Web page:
Digestive Disease Center / Specialty Centers / Vanderbilt Inflammatory Bowel Disease (IBD) Clinic

Vanderbilt Inflammatory Bowel Disease (IBD) Clinic

Inflammatory bowel disease (IBD), a group of long-term, chronic intestinal disorders can be uncomfortable and painful. These disorders, including Crohn’s disease and ulcerative colitis, can disrupt your daily routine and impact your quality of life.

The Inflammatory Bowel Disease (IBD) Clinic at Vanderbilt University Medical Center provides comprehensive care and management for IBD. Our specialists work together to offer you long-term relief for your IBD symptoms, to minimize flare-ups and to help you achieve longer periods of remission.

Inflammatory Bowel Disease: Why Choose Vanderbilt

  • Unique expertise: Vanderbilt has the only dedicated clinic that exclusively treats IBD in the Southeast region. This means our doctors offer a unique level of knowledge and skill to treat your IBD.
  • A team approach: Our gastroenterologists and colorectal surgeons work closely with nurse practitioners, dietitians, pharmacists, social workers and psychologists to provide the comprehensive care you need.
  • Personalized care: Our team compassionately guides you through your diagnosis and treatment. We work together to review your test results and develop a personalized care plan to meet your unique needs. If necessary, we can quickly refer you to a colorectal surgeon or other specialists.
  • Clinical trials: We offer you access to clinical trials (research studies) investigating new, promising therapies and treatments for IBD. This means you have access to innovative approaches to care before they are widely available. Search open clinical trials.
  • Support services: Our dedicated specialty pharmacists and administrative staff can help you easily and quickly obtain your prescriptions. We also offer access to the Osher Center for Integrative Medicine, which uses research-based therapies to complement your treatment.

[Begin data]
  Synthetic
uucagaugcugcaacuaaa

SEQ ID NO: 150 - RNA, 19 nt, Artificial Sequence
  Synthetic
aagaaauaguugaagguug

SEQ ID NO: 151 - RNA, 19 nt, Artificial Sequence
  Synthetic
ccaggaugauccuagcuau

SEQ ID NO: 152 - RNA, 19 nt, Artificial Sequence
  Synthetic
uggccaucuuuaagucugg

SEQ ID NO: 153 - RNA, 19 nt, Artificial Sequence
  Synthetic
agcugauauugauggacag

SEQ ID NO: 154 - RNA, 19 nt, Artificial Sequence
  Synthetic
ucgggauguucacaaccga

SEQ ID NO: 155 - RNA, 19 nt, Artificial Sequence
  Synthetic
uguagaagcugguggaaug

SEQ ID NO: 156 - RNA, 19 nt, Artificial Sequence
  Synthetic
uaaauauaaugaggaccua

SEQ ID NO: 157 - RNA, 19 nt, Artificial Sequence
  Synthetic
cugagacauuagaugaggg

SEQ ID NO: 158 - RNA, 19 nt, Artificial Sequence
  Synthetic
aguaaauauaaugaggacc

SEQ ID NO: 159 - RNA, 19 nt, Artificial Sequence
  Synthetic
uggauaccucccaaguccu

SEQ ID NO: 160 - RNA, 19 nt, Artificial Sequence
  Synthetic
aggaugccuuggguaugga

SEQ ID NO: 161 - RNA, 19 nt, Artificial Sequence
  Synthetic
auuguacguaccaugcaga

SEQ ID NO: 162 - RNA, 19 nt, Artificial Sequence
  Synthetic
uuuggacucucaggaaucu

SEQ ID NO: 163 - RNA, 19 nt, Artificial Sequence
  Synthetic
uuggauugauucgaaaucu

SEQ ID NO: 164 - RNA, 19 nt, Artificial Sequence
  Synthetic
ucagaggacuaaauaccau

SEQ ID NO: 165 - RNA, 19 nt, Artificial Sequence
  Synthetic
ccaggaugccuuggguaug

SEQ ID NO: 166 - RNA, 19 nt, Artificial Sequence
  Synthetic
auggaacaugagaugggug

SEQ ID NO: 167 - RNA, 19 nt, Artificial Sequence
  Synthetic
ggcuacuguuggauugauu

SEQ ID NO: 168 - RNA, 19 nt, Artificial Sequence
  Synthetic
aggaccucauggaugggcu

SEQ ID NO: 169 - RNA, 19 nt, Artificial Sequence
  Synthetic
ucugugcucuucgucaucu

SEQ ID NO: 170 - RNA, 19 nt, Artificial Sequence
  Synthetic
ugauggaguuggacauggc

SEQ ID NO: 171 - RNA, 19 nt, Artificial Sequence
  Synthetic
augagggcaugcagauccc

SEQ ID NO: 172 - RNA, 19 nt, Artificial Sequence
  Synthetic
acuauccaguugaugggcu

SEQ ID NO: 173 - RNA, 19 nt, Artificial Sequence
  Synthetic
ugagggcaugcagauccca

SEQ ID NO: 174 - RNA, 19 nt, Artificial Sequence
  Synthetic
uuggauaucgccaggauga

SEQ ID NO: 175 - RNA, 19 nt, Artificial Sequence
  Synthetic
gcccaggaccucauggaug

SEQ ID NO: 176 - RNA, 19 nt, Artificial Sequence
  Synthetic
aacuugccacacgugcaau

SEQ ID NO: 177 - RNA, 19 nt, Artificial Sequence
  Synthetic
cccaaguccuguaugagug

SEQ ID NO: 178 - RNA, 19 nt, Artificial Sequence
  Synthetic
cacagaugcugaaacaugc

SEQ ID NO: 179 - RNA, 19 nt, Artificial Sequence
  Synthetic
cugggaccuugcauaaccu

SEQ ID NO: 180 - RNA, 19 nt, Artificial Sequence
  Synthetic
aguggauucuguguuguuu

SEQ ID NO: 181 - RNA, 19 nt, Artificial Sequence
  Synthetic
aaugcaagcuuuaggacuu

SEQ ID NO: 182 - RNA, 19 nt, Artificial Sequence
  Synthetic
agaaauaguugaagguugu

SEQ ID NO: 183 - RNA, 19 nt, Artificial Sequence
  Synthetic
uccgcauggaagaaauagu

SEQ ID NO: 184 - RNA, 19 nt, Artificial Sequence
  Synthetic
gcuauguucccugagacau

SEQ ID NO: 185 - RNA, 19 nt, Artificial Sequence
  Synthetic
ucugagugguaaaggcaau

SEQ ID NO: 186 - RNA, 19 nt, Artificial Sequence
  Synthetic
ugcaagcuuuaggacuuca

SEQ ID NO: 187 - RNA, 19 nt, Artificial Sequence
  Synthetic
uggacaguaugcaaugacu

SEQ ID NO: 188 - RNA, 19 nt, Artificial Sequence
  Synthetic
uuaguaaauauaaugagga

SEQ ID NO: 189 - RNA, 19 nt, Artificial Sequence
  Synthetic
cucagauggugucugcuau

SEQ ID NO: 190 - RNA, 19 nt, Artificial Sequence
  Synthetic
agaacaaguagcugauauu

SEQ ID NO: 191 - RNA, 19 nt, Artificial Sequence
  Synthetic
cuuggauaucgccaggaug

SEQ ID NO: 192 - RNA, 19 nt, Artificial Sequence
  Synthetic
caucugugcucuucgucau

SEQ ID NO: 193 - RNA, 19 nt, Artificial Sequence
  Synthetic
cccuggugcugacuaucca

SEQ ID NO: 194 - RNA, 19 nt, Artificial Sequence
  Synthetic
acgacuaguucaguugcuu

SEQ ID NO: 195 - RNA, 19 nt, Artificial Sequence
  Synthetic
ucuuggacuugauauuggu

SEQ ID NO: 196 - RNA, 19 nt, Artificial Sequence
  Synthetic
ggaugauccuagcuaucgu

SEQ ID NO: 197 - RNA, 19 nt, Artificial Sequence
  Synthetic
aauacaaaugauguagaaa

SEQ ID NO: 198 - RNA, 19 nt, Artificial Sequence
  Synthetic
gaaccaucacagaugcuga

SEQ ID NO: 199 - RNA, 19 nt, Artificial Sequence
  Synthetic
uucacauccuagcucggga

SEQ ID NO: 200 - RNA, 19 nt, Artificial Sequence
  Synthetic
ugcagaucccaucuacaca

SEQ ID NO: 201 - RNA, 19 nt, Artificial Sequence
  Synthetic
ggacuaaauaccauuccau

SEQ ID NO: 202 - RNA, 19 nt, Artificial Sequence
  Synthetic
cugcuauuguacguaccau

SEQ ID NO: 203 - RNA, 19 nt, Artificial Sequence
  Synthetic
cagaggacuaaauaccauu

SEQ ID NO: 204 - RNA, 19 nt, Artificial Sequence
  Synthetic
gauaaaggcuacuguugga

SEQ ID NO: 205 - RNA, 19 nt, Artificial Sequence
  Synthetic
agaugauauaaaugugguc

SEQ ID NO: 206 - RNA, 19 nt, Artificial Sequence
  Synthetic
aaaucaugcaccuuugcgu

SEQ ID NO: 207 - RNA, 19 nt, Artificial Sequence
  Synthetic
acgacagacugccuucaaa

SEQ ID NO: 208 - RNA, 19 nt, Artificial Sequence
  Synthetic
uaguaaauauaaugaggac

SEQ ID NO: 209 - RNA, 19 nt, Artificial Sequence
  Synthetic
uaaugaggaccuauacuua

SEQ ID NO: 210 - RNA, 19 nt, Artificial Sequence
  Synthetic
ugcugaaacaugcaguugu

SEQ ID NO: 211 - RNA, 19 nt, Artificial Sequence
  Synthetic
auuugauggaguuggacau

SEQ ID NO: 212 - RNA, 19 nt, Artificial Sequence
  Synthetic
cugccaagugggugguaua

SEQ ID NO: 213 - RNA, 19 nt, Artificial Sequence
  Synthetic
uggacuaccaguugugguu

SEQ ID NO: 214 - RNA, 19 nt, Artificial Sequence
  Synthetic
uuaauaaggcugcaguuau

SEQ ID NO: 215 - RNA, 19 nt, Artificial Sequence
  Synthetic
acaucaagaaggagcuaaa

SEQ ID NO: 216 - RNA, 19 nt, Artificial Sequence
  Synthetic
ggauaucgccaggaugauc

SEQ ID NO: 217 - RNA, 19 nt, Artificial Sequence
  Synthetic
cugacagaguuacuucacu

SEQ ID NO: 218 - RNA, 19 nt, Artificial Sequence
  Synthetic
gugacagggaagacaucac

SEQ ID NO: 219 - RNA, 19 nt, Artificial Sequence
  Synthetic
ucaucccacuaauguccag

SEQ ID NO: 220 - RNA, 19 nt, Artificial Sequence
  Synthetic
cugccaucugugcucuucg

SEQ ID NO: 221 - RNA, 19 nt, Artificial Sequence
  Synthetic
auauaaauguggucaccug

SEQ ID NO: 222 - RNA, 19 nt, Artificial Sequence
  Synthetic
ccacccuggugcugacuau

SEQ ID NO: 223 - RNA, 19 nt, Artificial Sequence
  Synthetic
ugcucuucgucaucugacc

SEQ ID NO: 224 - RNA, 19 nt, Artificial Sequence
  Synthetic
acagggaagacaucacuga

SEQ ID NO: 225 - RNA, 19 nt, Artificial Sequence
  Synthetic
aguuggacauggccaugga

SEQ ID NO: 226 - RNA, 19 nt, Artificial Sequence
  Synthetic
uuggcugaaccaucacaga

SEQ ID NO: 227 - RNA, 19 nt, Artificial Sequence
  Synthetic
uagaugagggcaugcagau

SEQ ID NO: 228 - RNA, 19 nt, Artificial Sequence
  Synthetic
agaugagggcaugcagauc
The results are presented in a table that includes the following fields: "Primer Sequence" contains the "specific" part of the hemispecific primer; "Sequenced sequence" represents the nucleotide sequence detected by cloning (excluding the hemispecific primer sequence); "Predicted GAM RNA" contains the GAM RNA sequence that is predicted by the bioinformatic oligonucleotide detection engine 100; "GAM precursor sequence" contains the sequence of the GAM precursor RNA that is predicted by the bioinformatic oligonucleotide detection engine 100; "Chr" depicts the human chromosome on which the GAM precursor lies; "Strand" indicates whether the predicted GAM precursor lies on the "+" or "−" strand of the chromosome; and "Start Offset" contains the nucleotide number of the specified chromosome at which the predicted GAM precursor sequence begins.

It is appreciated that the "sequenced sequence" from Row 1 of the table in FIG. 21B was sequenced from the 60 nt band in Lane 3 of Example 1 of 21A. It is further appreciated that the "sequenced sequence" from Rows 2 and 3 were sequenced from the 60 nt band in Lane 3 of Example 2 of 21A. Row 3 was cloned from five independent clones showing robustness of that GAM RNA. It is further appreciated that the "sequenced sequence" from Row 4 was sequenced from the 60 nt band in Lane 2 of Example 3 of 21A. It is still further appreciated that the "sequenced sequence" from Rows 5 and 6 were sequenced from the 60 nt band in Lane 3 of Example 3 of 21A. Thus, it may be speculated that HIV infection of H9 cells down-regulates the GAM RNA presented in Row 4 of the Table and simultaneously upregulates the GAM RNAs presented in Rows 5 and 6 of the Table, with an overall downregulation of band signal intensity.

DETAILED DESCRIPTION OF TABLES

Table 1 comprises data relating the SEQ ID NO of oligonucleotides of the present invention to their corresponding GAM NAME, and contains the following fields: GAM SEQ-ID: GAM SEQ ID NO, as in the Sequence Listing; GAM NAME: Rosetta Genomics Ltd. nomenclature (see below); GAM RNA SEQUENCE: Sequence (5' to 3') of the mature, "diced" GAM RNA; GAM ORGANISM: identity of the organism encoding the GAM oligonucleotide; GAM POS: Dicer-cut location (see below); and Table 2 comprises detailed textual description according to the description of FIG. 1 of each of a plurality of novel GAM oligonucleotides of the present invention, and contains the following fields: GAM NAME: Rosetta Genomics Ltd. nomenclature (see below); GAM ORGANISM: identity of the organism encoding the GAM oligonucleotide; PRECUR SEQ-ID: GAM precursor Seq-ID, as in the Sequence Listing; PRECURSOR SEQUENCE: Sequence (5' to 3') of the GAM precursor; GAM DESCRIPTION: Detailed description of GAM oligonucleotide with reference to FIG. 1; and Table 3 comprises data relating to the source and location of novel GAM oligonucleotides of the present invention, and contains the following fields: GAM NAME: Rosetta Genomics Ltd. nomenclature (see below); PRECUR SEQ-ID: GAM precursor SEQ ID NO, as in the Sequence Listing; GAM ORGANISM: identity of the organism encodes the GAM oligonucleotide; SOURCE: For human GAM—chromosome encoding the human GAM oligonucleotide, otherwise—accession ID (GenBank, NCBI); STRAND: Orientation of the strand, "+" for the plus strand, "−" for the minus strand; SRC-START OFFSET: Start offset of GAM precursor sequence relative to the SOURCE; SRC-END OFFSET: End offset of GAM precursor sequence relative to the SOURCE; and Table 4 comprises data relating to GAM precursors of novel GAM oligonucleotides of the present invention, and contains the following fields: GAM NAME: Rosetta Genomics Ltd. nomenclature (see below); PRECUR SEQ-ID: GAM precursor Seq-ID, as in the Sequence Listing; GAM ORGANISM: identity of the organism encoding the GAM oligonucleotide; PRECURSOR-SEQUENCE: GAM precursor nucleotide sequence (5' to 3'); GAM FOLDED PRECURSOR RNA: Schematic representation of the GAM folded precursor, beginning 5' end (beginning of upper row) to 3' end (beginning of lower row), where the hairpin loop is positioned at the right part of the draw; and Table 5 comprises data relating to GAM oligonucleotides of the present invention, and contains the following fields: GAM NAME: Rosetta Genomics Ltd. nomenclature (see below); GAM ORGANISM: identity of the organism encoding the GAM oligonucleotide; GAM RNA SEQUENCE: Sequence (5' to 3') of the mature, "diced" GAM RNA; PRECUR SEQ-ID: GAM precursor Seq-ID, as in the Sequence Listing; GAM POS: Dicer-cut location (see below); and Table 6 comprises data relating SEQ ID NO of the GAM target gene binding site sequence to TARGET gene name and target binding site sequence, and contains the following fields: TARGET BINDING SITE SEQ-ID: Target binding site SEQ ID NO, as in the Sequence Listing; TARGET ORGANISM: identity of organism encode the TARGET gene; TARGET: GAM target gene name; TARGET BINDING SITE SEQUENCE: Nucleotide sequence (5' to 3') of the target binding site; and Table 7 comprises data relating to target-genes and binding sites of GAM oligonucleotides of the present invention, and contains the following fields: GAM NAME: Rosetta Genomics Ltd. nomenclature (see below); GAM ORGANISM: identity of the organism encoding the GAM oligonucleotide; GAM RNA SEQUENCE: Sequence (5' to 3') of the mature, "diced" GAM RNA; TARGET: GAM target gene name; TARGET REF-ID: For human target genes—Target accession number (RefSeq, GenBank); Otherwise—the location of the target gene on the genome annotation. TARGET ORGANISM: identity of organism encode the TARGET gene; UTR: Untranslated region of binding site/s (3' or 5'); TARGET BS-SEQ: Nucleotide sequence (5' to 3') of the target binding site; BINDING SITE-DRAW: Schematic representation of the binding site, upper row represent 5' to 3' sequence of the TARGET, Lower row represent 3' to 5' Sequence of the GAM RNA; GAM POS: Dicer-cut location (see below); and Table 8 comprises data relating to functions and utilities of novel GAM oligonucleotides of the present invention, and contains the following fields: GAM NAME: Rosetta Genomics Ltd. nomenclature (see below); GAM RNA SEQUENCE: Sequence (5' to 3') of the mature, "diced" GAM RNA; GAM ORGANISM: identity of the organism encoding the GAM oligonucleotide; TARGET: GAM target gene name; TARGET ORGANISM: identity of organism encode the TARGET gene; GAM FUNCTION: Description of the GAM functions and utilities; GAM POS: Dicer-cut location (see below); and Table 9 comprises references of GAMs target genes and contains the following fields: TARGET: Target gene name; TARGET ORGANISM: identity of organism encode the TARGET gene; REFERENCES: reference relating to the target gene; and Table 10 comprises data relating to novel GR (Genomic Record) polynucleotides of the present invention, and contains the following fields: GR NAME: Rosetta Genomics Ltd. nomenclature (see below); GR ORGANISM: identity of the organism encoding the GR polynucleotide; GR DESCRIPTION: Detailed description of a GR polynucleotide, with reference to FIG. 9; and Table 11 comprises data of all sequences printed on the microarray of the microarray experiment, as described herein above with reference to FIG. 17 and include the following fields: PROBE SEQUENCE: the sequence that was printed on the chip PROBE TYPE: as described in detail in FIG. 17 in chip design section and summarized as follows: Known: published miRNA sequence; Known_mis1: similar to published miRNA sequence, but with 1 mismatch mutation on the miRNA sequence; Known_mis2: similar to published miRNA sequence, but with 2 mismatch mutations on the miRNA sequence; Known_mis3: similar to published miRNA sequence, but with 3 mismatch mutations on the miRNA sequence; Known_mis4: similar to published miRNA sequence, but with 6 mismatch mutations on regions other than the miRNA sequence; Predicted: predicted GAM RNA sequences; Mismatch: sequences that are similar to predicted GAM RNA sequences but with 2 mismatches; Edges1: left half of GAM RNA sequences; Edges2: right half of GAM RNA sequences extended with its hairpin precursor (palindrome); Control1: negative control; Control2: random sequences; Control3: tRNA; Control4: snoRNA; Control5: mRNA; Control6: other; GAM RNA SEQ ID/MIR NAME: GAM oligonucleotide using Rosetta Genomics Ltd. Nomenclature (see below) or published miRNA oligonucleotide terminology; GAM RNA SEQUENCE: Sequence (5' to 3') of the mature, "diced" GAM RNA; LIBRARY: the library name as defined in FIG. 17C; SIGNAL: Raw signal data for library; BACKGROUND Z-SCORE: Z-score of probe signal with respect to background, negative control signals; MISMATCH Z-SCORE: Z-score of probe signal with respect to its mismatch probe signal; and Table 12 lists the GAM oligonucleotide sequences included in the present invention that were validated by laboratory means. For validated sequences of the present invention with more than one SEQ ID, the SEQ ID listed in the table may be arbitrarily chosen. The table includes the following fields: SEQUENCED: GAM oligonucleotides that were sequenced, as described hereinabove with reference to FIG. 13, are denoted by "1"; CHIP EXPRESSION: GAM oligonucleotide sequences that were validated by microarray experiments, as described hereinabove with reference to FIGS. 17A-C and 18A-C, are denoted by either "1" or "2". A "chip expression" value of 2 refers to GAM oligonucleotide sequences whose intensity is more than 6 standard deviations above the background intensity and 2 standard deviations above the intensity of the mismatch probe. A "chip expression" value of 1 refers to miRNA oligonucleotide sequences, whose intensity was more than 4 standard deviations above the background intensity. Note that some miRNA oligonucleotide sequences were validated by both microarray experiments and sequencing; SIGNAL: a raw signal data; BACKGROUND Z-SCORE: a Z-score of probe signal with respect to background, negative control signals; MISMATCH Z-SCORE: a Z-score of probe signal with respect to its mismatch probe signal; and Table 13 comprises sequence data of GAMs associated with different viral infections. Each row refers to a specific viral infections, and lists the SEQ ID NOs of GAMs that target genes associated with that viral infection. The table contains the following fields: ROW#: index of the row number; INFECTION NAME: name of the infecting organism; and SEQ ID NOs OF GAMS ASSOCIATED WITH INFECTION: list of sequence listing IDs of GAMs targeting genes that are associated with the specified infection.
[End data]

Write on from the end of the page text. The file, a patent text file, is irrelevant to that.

• Smoking cessation services: Smoking can aggravate your Crohn’s disease symptoms. Our team can guide you to resources to help you quit smoking.
  • Responsive team: We want to make your experience as seamless and stress-free as possible. You can use our secure online portal, My Health at Vanderbilt, to contact your care team 24/7, schedule appointments, manage your medications and access your medical records.

Conditions We Treat

Diagnostic Tests

We may perform one or more tests to confirm a diagnosis of IBD. Test options may include:

Treatments We Offer

We offer a full range of treatment options to help you manage the symptoms of your IBD. We will discuss different treatment options with you, which may include:

  • Lifestyle changes: Some foods may cause your IBD symptoms to flare up. Our registered dietitians can help you make changes to your diet to reduce or prevent symptoms. Getting more exercise, improving your sleep habits and quitting smoking can also improve your health.
  • Medications: We may be able to help control your IBD symptoms and flare-ups with immunosuppressive medications. Our doctors work closely with specialty pharmacists to determine the right medication and dosage for you.
  • Surgery: Most people do not need surgery. But for some patients, surgery may be an option to reduce long-term or chronic symptoms that do not improve with lifestyle changes or medications. We can refer you to a colorectal surgeon, if necessary.


Vanderbilt Inflammatory Bowel Disease Clinic
Medical Arts Building
1211 21st Ave. South, Suite 220
Nashville, TN 37232
(615) 322-0128
Map and Directions

Inflammatory Bowel Disease Care Team


Advanced Practitioners

For Referring Physicians

To arrange a consultation or make a referral, call (615) 322-0128. Referring physicians can also complete our IBD Referral/Consult Form and fax it to our IBD coordinator at (615) 936-6977.

Related Stories

Patient story: Jennifer Fleming was 22 years old when troubling symptoms led to a diagnosis of ulcerative colitis. In the years since, her disease has been managed with a low amount of medication. Read her story.

My Southern Health: Got a pain in the gut or IBS pain?